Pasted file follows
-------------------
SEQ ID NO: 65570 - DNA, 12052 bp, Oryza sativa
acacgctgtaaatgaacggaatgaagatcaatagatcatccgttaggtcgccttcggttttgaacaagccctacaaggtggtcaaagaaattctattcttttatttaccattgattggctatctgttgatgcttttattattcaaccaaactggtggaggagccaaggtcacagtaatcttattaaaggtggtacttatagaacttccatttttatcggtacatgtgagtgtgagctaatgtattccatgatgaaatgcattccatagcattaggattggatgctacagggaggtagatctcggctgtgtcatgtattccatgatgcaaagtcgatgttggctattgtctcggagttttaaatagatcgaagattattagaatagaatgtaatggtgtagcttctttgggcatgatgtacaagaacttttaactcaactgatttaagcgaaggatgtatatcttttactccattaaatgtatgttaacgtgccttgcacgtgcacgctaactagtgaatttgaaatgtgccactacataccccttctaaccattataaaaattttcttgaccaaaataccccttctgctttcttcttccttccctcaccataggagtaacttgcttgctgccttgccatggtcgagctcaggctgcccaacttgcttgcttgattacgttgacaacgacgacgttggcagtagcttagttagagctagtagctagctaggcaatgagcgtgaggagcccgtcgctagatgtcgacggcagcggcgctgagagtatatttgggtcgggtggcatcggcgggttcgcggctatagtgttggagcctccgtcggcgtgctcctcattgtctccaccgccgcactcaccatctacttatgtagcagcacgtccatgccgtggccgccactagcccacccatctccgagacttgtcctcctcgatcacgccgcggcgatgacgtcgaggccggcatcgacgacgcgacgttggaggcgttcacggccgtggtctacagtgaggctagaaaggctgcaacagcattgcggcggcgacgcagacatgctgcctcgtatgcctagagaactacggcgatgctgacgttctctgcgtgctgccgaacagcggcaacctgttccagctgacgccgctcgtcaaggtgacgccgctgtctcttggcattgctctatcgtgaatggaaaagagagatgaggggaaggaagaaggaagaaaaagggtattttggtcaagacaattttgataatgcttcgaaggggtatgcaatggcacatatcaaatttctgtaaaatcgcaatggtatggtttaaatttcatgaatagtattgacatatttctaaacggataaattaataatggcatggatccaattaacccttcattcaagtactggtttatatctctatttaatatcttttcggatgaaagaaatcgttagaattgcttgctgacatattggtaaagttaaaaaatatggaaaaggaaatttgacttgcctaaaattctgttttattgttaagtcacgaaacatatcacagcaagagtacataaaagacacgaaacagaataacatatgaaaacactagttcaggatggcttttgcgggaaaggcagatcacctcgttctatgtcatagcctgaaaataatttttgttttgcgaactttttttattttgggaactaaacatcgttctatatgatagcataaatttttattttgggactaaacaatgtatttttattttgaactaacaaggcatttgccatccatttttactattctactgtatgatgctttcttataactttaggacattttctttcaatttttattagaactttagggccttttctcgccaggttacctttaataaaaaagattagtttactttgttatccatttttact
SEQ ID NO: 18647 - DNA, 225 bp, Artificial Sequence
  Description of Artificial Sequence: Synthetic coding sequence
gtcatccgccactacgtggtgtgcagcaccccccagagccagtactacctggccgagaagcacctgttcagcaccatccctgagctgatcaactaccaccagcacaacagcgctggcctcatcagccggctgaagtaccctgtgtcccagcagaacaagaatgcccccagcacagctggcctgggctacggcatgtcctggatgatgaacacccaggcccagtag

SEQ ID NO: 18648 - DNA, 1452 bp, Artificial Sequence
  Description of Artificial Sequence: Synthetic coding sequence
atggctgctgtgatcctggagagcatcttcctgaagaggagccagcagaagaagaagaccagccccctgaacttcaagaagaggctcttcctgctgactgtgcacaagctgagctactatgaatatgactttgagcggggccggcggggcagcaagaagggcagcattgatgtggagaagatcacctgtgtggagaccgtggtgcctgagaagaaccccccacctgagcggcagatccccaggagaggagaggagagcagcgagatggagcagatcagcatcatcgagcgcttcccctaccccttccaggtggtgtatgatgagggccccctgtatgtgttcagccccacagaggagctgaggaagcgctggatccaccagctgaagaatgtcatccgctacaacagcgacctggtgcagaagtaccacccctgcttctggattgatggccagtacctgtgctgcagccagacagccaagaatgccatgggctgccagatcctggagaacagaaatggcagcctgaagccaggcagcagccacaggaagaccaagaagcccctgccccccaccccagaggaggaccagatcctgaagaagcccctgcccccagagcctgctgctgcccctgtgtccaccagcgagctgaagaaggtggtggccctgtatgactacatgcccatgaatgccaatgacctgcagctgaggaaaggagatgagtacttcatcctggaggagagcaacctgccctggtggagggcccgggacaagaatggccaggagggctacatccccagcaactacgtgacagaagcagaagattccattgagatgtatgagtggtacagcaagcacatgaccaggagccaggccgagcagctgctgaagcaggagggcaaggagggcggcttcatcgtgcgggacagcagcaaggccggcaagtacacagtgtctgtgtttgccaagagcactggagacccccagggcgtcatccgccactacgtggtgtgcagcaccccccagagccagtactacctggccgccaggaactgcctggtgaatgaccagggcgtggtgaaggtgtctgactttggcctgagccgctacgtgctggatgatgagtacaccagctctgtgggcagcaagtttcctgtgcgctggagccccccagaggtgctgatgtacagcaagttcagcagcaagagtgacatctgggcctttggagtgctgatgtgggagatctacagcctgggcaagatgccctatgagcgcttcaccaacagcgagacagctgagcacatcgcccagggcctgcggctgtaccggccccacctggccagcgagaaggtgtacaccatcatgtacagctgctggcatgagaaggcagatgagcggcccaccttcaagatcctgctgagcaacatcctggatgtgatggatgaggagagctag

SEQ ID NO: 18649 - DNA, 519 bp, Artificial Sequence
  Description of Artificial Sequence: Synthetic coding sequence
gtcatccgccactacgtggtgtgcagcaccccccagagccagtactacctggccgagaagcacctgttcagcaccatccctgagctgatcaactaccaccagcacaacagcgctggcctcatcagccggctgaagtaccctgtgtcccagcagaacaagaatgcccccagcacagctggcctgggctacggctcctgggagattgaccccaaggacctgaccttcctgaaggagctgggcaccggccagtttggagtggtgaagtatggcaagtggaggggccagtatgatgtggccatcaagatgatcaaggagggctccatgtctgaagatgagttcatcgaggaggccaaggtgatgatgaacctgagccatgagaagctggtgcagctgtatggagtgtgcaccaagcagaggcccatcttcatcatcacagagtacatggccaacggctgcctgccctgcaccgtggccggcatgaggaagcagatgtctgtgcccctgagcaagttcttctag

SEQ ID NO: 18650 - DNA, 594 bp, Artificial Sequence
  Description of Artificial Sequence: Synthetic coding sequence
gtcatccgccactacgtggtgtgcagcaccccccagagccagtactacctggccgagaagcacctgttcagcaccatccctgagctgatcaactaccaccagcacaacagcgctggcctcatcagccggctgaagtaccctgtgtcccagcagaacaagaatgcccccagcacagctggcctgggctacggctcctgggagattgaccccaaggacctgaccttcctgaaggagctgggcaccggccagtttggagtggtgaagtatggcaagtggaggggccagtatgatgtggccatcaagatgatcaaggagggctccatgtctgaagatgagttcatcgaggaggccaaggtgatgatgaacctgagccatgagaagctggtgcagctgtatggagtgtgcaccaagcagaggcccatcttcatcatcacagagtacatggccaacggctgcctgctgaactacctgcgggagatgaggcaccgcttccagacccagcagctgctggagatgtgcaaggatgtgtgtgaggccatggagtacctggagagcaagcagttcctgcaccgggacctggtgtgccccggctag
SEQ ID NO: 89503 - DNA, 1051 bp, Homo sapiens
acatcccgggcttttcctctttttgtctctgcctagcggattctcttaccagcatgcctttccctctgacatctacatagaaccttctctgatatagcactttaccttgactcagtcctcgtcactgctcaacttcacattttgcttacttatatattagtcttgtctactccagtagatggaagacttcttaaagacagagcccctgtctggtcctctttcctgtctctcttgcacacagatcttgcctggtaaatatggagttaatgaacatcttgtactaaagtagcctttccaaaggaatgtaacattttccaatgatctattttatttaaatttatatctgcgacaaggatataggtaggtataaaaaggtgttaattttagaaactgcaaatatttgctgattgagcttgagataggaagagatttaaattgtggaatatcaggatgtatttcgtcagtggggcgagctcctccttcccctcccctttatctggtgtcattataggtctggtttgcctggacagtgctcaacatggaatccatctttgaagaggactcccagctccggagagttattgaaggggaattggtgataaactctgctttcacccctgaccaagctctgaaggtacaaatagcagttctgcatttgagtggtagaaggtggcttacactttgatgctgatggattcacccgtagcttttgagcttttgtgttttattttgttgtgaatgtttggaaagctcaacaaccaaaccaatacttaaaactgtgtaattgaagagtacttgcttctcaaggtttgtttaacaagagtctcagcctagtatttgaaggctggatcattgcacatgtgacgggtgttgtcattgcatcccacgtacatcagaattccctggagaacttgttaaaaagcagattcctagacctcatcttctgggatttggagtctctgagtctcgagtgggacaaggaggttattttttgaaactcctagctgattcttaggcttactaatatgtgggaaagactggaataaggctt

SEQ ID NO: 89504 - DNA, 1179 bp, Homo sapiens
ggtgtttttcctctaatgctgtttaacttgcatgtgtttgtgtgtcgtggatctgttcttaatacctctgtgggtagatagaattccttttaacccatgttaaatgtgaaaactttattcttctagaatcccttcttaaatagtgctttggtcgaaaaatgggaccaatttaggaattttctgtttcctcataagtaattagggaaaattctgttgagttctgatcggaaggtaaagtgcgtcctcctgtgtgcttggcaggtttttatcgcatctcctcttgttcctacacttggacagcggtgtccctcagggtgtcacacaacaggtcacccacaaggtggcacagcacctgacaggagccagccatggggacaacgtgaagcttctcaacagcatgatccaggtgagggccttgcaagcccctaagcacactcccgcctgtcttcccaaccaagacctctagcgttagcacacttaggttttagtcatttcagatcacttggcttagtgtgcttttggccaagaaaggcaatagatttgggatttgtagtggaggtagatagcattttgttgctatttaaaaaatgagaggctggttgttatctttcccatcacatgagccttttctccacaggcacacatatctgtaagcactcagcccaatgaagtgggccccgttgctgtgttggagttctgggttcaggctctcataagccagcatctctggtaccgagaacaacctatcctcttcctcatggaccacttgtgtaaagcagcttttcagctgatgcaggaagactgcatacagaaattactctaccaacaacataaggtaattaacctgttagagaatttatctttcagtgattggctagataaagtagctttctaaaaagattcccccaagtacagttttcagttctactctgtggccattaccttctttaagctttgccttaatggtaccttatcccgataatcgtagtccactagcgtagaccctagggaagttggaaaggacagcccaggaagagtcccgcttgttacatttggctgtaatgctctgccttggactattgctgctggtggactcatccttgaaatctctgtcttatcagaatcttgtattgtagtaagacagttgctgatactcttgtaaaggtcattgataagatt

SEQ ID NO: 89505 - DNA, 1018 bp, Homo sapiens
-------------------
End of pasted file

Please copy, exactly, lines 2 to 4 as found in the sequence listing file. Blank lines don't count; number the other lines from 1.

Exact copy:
acacgctgtaaatgaacggaatgaagatcaatagatcatccgttaggtcgccttcggttttgaacaagccctacaaggtggtcaaagaaattctattcttttatttaccattgattggctatctgttgatgcttttattattcaaccaaactggtggaggagccaaggtcacagtaatcttattaaaggtggtacttatagaacttccatttttatcggtacatgtgagtgtgagctaatgtattccatgatgaaatgcattccatagcattaggattggatgctacagggaggtagatctcggctgtgtcatgtattccatgatgcaaagtcgatgttggctattgtctcggagttttaaatagatcgaagattattagaatagaatgtaatggtgtagcttctttgggcatgatgtacaagaacttttaactcaactgatttaagcgaaggatgtatatcttttactccattaaatgtatgttaacgtgccttgcacgtgcacgctaactagtgaatttgaaatgtgccactacataccccttctaaccattataaaaattttcttgaccaaaataccccttctgctttcttcttccttccctcaccataggagtaacttgcttgctgccttgccatggtcgagctcaggctgcccaacttgcttgcttgattacgttgacaacgacgacgttggcagtagcttagttagagctagtagctagctaggcaatgagcgtgaggagcccgtcgctagatgtcgacggcagcggcgctgagagtatatttgggtcgggtggcatcggcgggttcgcggctatagtgttggagcctccgtcggcgtgctcctcattgtctccaccgccgcactcaccatctacttatgtagcagcacgtccatgccgtggccgccactagcccacccatctccgagacttgtcctcctcgatcacgccgcggcgatgacgtcgaggccggcatcgacgacgcgacgttggaggcgttcacggccgtggtctacagtgaggctagaaaggctgcaacagcattgcggcggcgacgcagacatgctgcctcgtatgcctagagaactacggcgatgctgacgttctctgcgtgctgccgaacagcggcaacctgttccagctgacgccgctcgtcaaggtgacgccgctgtctcttggcattgctctatcgtgaatggaaaagagagatgaggggaaggaagaaggaagaaaaagggtattttggtcaagacaattttgataatgcttcgaaggggtatgcaatggcacatatcaaatttctgtaaaatcgcaatggtatggtttaaatttcatgaatagtattgacatatttctaaacggataaattaataatggcatggatccaattaacccttcattcaagtactggtttatatctctatttaatatcttttcggatgaaagaaatcgttagaattgcttgctgacatattggtaaagttaaaaaatatggaaaaggaaatttgacttgcctaaaattctgttttattgttaagtcacgaaacatatcacagcaagagtacataaaagacacgaaacagaataacatatgaaaacactagttcaggatggcttttgcgggaaaggcagatcacctcgttctatgtcatagcctgaaaataatttttgttttgcgaactttttttattttgggaactaaacatcgttctatatgatagcataaatttttattttgggactaaacaatgtatttttattttgaactaacaaggcatttgccatccatttttactattctactgtatgatgctttcttataactttaggacattttctttcaatttttattagaactttagggccttttctcgccaggttacctttaataaaaaagattagtttactttgttatccatttttact
SEQ ID NO: 18647 - DNA, 225 bp, Artificial Sequence
  Description of Artificial Sequence: Synthetic coding sequence